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Save energy wherever you can, and use your computer better: those are the mantras at IBM's research labs in Poughkeepsie, New York.
These tenets apply both to the equipment IBM is putting into datacentres, and to the infrastructure surrounding them. The result, the company hopes, is a datacentre that saves energy and money - and it is exploring seemingly every feasible avenue to achieve its aims.
"If you look at a pie chart on how much energy is used in a datacentre, roughly half the pie goes to infrastructure, and half goes to the IT," says Roger Schmidt, IBM fellow and chief engineer for datacentre energy efficiency. "That's not good. The work is done by the IT, right? So you want to make the infrastructure half of the pie as small as possible. We're trying to tie the equipment more tightly to the environment so we can save energy."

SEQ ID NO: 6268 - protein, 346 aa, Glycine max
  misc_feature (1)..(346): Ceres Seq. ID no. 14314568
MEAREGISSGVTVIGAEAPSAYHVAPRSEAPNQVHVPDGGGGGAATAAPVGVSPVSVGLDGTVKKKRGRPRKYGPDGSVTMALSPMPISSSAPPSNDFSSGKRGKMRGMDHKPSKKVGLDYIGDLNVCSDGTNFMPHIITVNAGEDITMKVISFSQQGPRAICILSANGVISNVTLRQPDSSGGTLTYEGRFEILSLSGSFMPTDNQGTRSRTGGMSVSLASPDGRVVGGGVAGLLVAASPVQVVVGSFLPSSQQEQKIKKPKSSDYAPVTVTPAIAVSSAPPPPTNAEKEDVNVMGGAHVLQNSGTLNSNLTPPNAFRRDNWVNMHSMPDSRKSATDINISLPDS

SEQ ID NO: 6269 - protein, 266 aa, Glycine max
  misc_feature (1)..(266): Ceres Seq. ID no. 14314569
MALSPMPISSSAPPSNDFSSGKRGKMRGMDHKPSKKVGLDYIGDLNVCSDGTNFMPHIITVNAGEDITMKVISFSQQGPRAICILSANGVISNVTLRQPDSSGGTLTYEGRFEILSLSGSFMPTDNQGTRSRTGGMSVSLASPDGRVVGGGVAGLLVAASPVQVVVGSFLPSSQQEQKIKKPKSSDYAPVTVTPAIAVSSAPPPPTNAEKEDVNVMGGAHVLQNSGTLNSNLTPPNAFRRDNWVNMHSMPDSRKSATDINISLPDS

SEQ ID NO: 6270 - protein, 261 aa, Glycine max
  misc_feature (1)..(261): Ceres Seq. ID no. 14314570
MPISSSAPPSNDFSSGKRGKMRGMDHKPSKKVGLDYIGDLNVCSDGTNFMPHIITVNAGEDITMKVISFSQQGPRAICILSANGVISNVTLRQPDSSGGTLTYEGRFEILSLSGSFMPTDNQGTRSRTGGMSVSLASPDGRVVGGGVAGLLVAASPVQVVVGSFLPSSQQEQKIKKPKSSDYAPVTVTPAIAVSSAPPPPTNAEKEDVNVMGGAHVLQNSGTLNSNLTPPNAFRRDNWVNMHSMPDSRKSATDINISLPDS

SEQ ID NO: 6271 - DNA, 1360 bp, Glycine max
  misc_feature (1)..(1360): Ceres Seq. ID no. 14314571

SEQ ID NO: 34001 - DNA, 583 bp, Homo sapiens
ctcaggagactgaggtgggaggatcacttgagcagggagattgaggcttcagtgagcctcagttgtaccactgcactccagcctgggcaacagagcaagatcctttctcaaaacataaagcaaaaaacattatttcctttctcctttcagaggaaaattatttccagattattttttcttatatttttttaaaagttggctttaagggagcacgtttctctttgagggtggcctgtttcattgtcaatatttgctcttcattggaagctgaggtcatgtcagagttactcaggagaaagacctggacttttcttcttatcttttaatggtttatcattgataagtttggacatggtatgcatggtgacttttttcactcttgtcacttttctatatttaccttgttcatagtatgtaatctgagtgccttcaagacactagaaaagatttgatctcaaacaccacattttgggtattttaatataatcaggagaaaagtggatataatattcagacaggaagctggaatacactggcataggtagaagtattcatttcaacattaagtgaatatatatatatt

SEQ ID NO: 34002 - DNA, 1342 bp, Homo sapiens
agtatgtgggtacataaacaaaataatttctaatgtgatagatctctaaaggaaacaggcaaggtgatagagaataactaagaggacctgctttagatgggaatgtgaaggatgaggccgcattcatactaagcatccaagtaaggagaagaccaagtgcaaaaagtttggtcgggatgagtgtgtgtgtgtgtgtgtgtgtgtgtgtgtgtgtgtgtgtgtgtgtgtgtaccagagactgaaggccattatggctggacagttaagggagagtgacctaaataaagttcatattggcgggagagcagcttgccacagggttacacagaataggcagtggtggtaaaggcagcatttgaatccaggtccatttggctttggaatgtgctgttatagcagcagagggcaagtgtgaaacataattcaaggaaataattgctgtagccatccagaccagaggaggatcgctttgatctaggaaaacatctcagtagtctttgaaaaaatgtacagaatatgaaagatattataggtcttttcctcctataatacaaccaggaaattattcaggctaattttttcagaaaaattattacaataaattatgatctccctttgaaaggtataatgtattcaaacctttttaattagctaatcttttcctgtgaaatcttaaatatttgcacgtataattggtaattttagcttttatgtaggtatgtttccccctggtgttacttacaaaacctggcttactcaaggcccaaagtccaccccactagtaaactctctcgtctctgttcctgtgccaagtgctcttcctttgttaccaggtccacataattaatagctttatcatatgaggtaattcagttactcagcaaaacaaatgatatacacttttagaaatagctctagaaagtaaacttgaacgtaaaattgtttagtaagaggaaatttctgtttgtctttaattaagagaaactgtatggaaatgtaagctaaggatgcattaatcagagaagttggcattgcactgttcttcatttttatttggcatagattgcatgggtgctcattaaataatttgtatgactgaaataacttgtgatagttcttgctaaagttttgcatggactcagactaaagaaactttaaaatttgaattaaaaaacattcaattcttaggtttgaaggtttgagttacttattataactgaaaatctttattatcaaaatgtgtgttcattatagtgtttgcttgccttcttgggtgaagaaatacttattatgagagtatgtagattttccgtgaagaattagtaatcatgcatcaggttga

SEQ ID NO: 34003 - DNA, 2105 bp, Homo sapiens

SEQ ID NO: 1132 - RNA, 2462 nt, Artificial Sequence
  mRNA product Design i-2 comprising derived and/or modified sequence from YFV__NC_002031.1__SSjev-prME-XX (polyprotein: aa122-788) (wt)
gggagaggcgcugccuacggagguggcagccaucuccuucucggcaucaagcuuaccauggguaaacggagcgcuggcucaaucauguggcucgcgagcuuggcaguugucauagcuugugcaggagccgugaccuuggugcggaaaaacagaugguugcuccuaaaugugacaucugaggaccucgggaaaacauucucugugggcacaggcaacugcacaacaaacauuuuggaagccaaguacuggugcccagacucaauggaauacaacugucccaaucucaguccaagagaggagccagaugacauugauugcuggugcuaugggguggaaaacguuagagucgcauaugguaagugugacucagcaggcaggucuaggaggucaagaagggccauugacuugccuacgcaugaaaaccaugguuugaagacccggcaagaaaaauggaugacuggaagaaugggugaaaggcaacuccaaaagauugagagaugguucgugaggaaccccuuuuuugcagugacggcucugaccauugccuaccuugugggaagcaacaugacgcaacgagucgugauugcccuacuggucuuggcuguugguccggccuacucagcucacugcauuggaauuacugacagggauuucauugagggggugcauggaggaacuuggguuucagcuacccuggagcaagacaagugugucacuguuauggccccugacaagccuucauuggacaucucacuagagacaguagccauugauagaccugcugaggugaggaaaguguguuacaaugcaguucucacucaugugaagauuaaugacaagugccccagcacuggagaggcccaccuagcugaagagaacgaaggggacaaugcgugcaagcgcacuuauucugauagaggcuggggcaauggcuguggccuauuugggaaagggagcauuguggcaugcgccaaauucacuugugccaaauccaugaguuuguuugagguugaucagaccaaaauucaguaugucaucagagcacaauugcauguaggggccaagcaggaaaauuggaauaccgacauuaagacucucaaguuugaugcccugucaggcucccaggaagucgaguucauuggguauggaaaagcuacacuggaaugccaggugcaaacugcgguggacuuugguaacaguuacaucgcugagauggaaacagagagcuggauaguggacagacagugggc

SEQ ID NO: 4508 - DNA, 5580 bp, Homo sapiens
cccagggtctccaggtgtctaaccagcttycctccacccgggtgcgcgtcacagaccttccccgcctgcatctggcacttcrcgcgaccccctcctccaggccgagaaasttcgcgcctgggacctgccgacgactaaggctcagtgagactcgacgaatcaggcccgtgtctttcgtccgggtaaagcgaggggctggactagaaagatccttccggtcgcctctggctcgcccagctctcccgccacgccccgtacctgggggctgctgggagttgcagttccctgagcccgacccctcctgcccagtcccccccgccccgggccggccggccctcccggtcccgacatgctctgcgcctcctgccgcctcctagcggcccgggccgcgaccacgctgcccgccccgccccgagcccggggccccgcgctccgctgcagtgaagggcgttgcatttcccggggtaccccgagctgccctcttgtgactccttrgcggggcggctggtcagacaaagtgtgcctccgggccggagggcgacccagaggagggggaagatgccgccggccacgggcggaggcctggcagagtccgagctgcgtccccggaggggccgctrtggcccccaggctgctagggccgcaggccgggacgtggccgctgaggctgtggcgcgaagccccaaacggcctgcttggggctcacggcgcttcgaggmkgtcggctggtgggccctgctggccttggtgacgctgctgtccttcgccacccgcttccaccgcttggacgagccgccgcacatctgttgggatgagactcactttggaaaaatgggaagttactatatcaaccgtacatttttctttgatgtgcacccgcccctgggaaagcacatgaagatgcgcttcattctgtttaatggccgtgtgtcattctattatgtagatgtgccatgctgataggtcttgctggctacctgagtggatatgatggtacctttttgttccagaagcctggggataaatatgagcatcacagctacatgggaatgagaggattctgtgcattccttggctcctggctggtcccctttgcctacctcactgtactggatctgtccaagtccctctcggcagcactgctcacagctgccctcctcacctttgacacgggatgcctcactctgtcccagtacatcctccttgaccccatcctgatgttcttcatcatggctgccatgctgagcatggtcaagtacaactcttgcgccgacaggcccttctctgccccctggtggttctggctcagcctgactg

For IBM, this means a focus on two areas: air-cooling and water-cooling. These are nowhere more apparent than in the company's 'green datacentre' at Poughkeepsie (above), which has an air-cooled side and a water-cooled side.
The air-cooled side of the room relies on a principle as simple as opening a window. "It's cold outside," Schmidt says, pointing to the minor blizzard hitting the vast plain of the IBM car park. "Just open these windows. Why can't we do that?" In fact, the industry is doing just that, he says: using ambient air to cool datacentre equipment. The upside is that air-conditioning can be turned off, saving power and emissions.